RESULTS: Considering the universal RNA as our control sample, and considering the median of gene expression in the control samples as our cutoff, we observed that HES1 gene showed decreased expression compared to control (p = 0.0059), but patients with HES1 overexpression were directly related to a shorter survival (p = 0.0165). Individuals with higher GLI1 gene expression had significant shorter survival (p = 0.0469), and high expression was prevalent in patients up to 5 years old (p = 0.0479). Patients showing high PTCH2 expression were related to worse survival (p = 0.0426), and it was correlated with GLI1 high expression (p = 0.0094). We also observed a concomitant overexpression of WIF1 and DKK2 genes in a subgroup of MB samples (n = 11, p = 0.0118).
CONCLUSIONS: Our results suggest the presence of activated developmental signaling pathways in MB, which are important for cell proliferation and maintenance, and that may be targeted for novel therapeutic options.

Roncalés-Samanes P, Peña-Segura JL, Fernando-Martínez R, et al.
[Gorlin syndrome in the paediatric age].
Rev Neurol. 2014; 58(7):303-7 [PubMed] Related Publications
INTRODUCTION: Gorlin syndrome (GS) is a disorder transmitted by dominant autosomal inheritance associated to mutations in PTCH1, the main characteristic of which is the appearance of basal cell carcinomas, together with skeletal abnormalities, odontogenic keratocysts and intracranial tumours.
CASE REPORT: A girl aged 3 years and 10 months, who was admitted due to acute ataxia. Some of the more striking features in the patient's personal history include psychomotor retardation and a family history of suspected GS in the mother as a result of a maxillary cyst. An examination revealed macrocephaly with a prominent forehead and hypertelorism, as well as nevus. A genetic study for GS was requested, in which mutation c.930delC was detected in exon 6 of the PTCH1 gene in heterozygosis.
CONCLUSIONS: In GS there is an increase in the likelihood of developing basal cell carcinomas and strict dermatological monitoring is necessary. A clinical neurological follow-up and also magnetic resonance imaging scans are needed for an early diagnosis of intracranial tumours, especially in the case of medulloblastomas. Odontogenic keratocysts, other skin disorders, and cardiac and ovarian fibromas are characteristic, as are skeletal abnormalities, which require regular clinical and neuroimaging controls and treatment if needed, but radiation must be avoided. GS is a rare disorder, but it must be suspected in the presence of characteristic alterations. It requires a multidisciplinary follow-up, and it is also necessary to establish a protocol on how to act so as to allow early diagnosis and treatment of the potentially severe complications deriving from this disease.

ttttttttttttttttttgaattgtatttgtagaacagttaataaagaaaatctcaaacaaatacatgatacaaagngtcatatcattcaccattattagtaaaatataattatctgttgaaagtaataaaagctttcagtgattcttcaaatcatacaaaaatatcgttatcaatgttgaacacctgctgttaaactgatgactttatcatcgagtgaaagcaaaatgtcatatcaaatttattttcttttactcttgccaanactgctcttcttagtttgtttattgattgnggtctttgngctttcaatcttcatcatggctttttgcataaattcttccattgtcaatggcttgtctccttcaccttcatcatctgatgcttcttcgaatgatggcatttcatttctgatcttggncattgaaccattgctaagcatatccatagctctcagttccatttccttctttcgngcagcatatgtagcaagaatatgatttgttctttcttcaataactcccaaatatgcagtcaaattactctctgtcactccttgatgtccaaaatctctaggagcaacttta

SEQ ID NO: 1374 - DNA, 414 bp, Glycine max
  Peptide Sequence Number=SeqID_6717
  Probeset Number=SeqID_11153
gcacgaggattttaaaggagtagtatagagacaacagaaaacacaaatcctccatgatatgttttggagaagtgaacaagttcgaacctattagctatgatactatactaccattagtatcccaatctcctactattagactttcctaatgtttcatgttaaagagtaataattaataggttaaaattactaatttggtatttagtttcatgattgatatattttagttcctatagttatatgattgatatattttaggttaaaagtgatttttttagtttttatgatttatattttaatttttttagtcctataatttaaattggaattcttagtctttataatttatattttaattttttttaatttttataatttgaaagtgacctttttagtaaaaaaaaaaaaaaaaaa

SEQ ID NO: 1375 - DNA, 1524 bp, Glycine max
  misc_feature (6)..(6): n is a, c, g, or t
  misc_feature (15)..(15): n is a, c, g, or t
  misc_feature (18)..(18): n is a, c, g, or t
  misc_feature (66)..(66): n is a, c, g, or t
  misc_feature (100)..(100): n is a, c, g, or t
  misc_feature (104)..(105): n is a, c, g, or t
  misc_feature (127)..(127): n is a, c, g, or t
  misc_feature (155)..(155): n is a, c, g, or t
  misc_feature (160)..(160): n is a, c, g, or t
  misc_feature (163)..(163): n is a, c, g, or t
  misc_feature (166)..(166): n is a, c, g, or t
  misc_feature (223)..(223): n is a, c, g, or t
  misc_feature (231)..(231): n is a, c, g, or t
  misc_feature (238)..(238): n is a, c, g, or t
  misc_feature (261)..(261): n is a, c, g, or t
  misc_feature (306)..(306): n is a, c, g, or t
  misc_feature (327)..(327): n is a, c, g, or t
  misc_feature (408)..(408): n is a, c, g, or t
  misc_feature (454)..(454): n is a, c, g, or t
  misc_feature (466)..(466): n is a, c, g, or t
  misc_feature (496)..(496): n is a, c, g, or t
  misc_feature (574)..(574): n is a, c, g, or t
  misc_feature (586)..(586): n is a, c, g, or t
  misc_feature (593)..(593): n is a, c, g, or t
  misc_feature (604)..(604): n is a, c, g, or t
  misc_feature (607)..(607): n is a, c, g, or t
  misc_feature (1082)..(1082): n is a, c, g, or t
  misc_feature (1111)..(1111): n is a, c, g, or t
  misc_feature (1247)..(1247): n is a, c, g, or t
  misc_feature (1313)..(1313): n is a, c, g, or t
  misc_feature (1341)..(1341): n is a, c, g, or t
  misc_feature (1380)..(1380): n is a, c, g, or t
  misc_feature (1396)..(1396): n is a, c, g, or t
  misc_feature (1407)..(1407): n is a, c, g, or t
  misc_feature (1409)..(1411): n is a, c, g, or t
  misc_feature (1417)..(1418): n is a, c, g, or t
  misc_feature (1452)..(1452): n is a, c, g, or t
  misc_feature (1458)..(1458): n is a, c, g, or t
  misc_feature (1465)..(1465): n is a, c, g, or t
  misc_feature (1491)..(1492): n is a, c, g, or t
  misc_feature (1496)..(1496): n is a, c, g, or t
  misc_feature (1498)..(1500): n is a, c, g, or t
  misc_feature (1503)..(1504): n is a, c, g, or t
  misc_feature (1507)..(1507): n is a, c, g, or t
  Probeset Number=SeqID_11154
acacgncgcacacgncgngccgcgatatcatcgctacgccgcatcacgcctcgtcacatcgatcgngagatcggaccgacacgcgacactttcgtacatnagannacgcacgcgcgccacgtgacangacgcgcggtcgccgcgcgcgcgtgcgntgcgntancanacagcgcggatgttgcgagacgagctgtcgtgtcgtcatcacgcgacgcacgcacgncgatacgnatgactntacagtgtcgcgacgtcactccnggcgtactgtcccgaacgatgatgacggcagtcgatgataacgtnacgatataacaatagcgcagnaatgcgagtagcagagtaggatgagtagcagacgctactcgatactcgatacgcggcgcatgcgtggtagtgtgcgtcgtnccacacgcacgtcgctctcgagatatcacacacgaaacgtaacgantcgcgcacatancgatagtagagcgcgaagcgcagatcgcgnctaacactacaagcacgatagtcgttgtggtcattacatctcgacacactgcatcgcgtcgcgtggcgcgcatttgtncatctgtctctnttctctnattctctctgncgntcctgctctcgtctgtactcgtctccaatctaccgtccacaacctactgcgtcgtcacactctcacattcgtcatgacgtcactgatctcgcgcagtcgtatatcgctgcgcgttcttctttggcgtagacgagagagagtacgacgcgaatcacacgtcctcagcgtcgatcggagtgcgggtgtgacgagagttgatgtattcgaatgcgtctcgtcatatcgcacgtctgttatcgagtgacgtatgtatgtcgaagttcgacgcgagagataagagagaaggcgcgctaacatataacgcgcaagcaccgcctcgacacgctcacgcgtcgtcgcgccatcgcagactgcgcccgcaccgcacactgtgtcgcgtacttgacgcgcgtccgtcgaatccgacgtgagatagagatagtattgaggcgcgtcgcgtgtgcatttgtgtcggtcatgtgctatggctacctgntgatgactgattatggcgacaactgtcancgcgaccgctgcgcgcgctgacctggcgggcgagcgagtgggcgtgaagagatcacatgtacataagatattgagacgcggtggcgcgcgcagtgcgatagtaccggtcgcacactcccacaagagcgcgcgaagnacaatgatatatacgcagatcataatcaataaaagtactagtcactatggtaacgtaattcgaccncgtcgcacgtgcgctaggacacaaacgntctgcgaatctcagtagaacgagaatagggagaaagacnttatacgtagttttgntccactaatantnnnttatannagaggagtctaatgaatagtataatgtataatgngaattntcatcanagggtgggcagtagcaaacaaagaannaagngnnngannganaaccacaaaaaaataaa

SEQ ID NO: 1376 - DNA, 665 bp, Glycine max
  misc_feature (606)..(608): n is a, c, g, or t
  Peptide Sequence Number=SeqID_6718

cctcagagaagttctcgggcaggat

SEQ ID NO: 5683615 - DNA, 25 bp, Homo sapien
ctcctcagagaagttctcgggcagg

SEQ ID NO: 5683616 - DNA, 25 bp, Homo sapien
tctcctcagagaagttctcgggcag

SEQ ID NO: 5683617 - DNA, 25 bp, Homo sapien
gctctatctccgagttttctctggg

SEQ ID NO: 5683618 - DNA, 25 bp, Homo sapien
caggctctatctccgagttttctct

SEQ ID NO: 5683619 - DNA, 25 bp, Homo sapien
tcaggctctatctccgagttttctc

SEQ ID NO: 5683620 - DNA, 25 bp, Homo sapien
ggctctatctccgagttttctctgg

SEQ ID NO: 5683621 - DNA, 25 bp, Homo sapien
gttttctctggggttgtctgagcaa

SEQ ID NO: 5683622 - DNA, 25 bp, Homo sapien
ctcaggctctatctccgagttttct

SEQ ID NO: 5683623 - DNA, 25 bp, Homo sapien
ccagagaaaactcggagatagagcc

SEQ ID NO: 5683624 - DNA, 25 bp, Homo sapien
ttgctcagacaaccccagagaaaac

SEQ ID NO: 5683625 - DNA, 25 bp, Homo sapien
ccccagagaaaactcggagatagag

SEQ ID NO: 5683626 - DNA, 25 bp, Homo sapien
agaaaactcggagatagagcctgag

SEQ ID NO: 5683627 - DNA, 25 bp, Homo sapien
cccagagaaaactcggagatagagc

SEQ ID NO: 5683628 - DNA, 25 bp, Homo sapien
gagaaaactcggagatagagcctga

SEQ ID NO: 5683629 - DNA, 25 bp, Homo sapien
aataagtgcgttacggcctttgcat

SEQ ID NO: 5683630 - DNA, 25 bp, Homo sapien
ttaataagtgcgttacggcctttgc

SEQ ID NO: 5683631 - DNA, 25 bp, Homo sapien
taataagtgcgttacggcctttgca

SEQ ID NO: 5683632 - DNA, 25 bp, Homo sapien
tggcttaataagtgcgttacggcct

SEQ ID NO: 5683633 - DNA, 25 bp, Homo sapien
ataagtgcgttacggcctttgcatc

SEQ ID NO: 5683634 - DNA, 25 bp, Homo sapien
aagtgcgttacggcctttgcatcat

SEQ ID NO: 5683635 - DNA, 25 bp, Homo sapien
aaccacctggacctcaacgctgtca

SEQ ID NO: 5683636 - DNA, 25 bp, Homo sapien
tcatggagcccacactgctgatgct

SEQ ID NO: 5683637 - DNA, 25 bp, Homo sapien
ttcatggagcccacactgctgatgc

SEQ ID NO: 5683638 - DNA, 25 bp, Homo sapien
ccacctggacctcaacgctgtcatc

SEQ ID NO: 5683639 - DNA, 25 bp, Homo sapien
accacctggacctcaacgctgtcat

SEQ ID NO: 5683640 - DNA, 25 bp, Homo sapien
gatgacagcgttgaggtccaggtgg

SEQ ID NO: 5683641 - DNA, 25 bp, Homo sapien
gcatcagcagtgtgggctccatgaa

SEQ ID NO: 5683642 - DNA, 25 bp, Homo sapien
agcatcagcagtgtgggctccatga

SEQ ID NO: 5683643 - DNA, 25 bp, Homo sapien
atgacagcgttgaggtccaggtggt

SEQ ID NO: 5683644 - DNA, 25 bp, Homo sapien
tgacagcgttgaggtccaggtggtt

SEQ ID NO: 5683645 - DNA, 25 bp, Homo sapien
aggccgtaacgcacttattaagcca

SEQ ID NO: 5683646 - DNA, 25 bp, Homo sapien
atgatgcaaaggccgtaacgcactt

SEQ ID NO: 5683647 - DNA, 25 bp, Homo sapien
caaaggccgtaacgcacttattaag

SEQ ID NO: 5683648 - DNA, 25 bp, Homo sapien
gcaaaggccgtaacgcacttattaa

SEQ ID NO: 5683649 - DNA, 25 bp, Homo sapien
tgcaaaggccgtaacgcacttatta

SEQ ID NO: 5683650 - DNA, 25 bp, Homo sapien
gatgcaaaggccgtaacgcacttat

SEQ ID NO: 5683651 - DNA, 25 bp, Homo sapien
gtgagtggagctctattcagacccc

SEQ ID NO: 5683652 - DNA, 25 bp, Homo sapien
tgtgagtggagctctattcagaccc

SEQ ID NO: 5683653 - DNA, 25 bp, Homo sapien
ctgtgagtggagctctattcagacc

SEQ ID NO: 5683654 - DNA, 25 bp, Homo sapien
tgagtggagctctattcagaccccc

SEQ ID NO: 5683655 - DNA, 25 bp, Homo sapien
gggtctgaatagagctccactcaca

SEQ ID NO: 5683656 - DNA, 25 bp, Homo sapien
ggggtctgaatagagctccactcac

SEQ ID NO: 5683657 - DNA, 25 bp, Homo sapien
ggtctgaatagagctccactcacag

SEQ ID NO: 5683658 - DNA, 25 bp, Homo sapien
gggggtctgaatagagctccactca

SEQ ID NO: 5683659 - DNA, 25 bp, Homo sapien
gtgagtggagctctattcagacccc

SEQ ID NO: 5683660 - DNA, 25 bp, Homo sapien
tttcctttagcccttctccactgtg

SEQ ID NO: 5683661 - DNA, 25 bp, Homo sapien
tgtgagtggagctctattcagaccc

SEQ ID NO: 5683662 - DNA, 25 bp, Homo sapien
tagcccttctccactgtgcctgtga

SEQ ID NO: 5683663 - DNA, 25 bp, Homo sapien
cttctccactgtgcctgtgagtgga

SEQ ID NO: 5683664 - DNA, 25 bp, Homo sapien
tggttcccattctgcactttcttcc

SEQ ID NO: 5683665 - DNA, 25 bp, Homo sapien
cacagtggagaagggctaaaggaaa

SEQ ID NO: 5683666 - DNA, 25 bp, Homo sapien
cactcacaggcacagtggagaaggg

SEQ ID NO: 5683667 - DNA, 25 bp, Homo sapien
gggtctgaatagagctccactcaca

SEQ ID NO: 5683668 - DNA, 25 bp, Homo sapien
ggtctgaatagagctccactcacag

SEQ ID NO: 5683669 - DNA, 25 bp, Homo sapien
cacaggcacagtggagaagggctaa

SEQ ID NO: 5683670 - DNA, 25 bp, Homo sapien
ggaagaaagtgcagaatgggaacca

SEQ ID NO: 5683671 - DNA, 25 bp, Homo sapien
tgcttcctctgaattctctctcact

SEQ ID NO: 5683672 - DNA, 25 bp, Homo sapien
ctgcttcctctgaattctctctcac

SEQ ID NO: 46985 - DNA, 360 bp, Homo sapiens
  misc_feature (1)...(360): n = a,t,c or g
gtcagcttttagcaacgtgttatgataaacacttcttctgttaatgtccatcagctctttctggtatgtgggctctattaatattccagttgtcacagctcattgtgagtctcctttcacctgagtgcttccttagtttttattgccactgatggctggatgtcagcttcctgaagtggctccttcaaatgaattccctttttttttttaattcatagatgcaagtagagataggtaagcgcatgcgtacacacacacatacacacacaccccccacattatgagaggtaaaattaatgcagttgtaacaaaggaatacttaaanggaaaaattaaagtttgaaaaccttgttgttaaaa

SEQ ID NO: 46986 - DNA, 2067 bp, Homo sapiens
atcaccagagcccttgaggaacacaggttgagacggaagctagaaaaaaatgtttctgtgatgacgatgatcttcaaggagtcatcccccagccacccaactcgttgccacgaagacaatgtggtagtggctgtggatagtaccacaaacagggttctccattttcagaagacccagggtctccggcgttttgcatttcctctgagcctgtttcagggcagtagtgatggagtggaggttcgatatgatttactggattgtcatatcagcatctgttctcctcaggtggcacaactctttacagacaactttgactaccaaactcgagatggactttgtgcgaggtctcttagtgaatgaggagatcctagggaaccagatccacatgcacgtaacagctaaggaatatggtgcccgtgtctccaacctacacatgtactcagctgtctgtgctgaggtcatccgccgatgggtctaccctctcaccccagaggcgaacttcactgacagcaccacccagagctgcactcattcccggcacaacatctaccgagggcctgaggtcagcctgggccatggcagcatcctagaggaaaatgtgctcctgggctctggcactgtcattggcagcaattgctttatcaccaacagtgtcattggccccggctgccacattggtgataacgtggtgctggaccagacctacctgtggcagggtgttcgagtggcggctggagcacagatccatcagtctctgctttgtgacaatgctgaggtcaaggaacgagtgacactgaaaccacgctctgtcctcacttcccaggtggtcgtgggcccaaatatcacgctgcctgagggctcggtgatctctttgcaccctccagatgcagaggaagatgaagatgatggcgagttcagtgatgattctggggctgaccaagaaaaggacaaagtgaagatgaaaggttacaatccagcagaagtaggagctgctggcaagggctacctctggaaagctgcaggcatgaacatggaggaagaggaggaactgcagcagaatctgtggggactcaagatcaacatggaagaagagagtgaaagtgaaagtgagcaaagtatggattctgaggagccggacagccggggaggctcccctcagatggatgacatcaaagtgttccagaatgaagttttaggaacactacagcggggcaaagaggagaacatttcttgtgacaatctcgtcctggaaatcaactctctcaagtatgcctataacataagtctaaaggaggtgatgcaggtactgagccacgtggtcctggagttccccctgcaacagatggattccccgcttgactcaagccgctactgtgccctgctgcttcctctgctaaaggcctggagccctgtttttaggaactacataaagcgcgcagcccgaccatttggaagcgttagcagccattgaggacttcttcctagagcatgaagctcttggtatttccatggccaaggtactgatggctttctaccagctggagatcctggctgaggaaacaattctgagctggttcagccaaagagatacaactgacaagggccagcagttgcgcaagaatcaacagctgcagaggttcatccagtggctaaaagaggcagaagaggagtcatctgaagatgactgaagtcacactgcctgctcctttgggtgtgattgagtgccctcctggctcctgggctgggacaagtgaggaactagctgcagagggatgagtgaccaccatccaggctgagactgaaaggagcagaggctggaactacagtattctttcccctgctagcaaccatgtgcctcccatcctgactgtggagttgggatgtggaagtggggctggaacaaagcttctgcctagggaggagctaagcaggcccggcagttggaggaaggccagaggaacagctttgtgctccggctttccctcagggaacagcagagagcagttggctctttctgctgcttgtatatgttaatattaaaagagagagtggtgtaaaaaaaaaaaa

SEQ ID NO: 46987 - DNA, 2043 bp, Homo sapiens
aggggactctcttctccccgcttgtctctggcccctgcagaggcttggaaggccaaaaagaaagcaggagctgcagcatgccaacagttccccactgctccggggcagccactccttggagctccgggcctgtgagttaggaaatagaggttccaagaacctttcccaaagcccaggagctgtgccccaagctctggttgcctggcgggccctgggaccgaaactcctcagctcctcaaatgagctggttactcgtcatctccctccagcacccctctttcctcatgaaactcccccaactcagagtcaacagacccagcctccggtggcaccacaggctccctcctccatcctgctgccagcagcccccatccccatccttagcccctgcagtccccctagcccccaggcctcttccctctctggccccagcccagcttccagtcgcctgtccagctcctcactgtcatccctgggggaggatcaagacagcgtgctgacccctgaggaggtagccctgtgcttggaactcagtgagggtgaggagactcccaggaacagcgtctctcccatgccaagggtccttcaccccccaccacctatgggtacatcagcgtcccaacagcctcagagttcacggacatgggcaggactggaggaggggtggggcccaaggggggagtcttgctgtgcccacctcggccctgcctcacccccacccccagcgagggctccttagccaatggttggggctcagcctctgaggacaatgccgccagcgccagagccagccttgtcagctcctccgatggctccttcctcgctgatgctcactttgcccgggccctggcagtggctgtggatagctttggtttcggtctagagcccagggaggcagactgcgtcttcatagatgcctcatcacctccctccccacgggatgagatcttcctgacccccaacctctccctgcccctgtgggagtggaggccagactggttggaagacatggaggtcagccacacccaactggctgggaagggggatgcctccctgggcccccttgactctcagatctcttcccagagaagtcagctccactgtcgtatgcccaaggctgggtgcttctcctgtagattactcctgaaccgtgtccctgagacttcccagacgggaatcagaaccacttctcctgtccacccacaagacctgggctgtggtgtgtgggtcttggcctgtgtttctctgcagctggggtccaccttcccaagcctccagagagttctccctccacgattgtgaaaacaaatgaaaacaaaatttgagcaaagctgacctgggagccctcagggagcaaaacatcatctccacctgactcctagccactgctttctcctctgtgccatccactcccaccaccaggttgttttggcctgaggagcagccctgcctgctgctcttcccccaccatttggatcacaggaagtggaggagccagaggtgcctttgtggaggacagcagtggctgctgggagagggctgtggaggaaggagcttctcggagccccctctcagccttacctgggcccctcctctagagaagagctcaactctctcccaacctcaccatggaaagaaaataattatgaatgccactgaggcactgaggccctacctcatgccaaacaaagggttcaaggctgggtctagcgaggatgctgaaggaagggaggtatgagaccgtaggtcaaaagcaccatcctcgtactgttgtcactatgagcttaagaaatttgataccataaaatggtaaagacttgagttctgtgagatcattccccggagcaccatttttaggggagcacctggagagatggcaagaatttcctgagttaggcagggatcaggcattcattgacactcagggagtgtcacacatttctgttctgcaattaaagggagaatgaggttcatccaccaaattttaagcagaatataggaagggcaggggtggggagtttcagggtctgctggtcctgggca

Kool M, Jones DT, Jäger N, et al.
Genome sequencing of SHH medulloblastoma predicts genotype-related response to smoothened inhibition.
Cancer Cell. 2014; 25(3):393-405 [PubMed] Related Publications
Smoothened (SMO) inhibitors recently entered clinical trials for sonic-hedgehog-driven medulloblastoma (SHH-MB). Clinical response is highly variable. To understand the mechanism(s) of primary resistance and identify pathways cooperating with aberrant SHH signaling, we sequenced and profiled a large cohort of SHH-MBs (n = 133). SHH pathway mutations involved PTCH1 (across all age groups), SUFU (infants, including germline), and SMO (adults). Children >3 years old harbored an excess of downstream MYCN and GLI2 amplifications and frequent TP53 mutations, often in the germline, all of which were rare in infants and adults. Functional assays in different SHH-MB xenograft models demonstrated that SHH-MBs harboring a PTCH1 mutation were responsive to SMO inhibition, whereas tumors harboring an SUFU mutation or MYCN amplification were primarily resistant.

Valdivielso-Ramos M, Solera J, Mauleon C, et al.
Novel mutation in the PTCH1 gene in a patient with Gorlin syndrome with prominent clinical features.
Clin Exp Dermatol. 2014; 39(3):406-7 [PubMed] Related Publications

Campbell VT, Nadesan P, Ali SA, et al.
Hedgehog pathway inhibition in chondrosarcoma using the smoothened inhibitor IPI-926 directly inhibits sarcoma cell growth.
Mol Cancer Ther. 2014; 13(5):1259-69 [PubMed] Related Publications